Not too long, a transgender activist was speaking at my synagogue, going on (and on) about the difficulties of being trans in American society today. My eyes soon glazed over and to keep them open, I surveyed the room, catching sight of the one person I knew who lived a different gender than his biology determined. I like the guy (while born female, he lives as a man, so to honor his choice, I call him a guy).
I realized I found the talk dull because while I could never learn to relate to transgender people as a group, I could relate to a transgender individual as a person. I try always to be friendly to that guy as I have attempted to treat fairly the only other trans person with whom I have associated on a regular basis. Shouldn’t the goal of the movement be to treat each person as an individual, judging him (or her) not, to borrow a phrase, by his choice of gender identity, but by the “content of his character?”
As I recall the great speech from which I draw those words on this, the fortieth anniversary of the murder of Martin Luther King, Jr., the man who delivered them, I wonder if a conversation on race is we need to realize his great dream. For so has Barack Obama suggested–that we need just such a conversation. I believe Bill Kristol had the best response to that suggestion:
The last thing we need now is a heated national conversation about race.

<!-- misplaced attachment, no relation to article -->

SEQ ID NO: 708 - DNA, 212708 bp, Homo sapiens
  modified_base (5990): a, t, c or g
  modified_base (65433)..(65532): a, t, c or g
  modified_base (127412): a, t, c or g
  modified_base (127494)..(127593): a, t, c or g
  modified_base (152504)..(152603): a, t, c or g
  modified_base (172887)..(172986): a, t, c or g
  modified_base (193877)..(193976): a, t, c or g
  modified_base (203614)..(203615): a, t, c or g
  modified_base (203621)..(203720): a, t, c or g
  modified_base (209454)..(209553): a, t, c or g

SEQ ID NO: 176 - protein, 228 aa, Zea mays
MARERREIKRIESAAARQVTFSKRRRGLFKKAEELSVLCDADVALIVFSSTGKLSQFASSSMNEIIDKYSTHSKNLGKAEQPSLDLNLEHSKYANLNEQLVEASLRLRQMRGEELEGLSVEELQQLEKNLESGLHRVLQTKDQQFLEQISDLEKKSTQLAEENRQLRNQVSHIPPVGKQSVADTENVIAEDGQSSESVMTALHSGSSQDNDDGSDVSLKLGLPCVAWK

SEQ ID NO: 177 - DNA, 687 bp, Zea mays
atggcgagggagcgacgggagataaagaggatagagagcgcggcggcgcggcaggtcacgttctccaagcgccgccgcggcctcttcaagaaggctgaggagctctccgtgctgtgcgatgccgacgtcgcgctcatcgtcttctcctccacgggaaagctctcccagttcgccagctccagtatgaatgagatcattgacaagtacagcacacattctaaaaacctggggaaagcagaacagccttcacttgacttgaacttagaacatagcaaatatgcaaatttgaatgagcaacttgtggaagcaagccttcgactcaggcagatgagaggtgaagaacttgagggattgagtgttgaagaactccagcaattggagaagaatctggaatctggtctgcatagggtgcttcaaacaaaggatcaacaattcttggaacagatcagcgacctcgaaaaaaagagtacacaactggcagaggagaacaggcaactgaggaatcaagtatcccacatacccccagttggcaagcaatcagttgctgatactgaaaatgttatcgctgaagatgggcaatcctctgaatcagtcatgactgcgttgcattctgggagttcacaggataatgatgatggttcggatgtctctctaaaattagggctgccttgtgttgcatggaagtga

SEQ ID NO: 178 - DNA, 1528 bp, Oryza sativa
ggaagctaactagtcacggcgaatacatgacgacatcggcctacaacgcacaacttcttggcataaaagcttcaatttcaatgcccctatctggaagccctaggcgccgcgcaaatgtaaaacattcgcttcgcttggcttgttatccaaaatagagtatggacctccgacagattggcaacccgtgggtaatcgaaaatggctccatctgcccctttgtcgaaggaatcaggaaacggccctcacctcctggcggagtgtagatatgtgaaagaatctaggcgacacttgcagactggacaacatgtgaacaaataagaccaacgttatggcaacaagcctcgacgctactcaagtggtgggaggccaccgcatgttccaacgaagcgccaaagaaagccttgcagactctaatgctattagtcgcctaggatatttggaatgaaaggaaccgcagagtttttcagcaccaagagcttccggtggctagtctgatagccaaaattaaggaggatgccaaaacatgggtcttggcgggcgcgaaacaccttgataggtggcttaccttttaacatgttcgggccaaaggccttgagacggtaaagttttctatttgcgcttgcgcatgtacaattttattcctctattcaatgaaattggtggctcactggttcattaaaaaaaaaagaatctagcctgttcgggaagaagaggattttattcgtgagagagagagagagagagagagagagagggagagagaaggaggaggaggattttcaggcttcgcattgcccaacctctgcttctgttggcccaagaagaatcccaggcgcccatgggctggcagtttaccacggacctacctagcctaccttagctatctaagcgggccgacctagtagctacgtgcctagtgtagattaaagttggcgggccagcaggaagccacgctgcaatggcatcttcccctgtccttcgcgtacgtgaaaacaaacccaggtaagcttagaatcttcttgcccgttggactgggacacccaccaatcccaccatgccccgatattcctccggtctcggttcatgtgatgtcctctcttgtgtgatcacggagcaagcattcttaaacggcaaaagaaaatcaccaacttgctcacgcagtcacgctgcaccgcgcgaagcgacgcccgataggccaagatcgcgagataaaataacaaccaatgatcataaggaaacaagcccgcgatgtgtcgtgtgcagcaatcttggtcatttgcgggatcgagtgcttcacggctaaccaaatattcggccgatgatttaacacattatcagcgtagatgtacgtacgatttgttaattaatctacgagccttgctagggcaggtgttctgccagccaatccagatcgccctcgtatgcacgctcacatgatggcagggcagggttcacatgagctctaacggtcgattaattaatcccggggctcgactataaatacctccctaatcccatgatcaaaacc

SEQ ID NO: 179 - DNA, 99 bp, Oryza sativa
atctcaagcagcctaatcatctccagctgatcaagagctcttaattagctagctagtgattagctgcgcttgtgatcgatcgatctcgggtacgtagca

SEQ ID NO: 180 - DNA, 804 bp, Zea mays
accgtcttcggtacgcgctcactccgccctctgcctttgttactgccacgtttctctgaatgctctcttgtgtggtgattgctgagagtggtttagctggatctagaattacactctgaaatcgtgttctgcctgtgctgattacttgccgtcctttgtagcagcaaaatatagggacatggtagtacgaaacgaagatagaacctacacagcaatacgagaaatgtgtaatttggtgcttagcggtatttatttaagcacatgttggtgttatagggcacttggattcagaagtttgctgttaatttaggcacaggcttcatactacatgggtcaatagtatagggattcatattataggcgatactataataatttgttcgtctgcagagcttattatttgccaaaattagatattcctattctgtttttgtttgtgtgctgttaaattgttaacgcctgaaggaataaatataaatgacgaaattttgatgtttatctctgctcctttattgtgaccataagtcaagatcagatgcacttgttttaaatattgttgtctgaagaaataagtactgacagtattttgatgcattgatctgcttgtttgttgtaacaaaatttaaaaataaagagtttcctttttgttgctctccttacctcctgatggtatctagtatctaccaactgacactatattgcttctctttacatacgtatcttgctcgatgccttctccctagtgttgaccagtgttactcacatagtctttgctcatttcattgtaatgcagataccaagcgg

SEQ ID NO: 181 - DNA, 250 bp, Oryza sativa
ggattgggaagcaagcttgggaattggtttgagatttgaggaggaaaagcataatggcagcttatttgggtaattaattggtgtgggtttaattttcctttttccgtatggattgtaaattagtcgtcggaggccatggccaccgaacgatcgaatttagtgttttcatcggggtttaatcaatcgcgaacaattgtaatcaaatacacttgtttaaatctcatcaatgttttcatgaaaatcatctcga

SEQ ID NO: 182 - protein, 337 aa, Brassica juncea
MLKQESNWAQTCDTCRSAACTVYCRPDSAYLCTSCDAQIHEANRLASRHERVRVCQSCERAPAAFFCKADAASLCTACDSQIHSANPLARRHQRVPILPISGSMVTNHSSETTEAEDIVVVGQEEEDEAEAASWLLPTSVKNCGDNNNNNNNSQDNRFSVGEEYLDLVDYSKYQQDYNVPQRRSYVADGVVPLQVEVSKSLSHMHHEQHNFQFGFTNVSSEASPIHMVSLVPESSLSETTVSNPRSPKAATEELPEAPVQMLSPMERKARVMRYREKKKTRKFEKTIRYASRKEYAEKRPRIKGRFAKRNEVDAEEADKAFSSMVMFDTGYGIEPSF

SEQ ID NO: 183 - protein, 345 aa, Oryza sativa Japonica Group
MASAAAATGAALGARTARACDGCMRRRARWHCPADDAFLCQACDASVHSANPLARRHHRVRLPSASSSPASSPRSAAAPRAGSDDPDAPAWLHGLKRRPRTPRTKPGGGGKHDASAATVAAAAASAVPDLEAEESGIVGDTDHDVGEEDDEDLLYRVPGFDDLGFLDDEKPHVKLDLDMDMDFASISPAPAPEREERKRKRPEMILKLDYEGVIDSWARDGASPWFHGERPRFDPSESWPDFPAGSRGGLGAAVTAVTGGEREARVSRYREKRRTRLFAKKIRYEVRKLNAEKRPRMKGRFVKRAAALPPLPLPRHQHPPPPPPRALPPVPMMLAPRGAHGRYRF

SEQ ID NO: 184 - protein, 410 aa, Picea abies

What we need instead are sober, results-oriented debates about economics, social mobility, education, family policy and the like â€” focused especially on how to help those who are struggling. Such policy debates can lead to real change â€” even â€œchange we can believe in.â€ â€œNational conversationsâ€ tend to be pointless and result-less.
Those debates aren’t enough. What we really need do is reflect on Dr. King’s words on racial reconciliation and consider their meaning in our everyday lives.
Racial reconciliation does not come through some kind of negotiations where the leader of one group sits down with the leader of another to work out their various differences, like gatherings of leaders of nations, each representing his people. Racial reconciliation comes instead through the myriad interactions of individuals.
Just like my reflections on the transgender activist, I’m sure most Americans, most people in fact, can’t really relate to a group in the abstract, but do on daily basis, ome into contact with people who belong to this or that group. The idea is to see beyond that quality which differs them from ourselves and treat them as the human being they are.
Not always an easy task.
As we remember Dr. King today, on the anniversary of his murder, an anniversary, which Juan Williams notes, marks “the first time he has been gone longer than he lived,” we should first pause and reflect on his accomplishments, seeing how far we have come in forty years. And then ask ourselves what we need do to continue the journey.
And realize that grandiose public initiatives may not be important as modest private action, where individuals reach out to their fellows and seek out the human beings beneath the various and differing exteriors.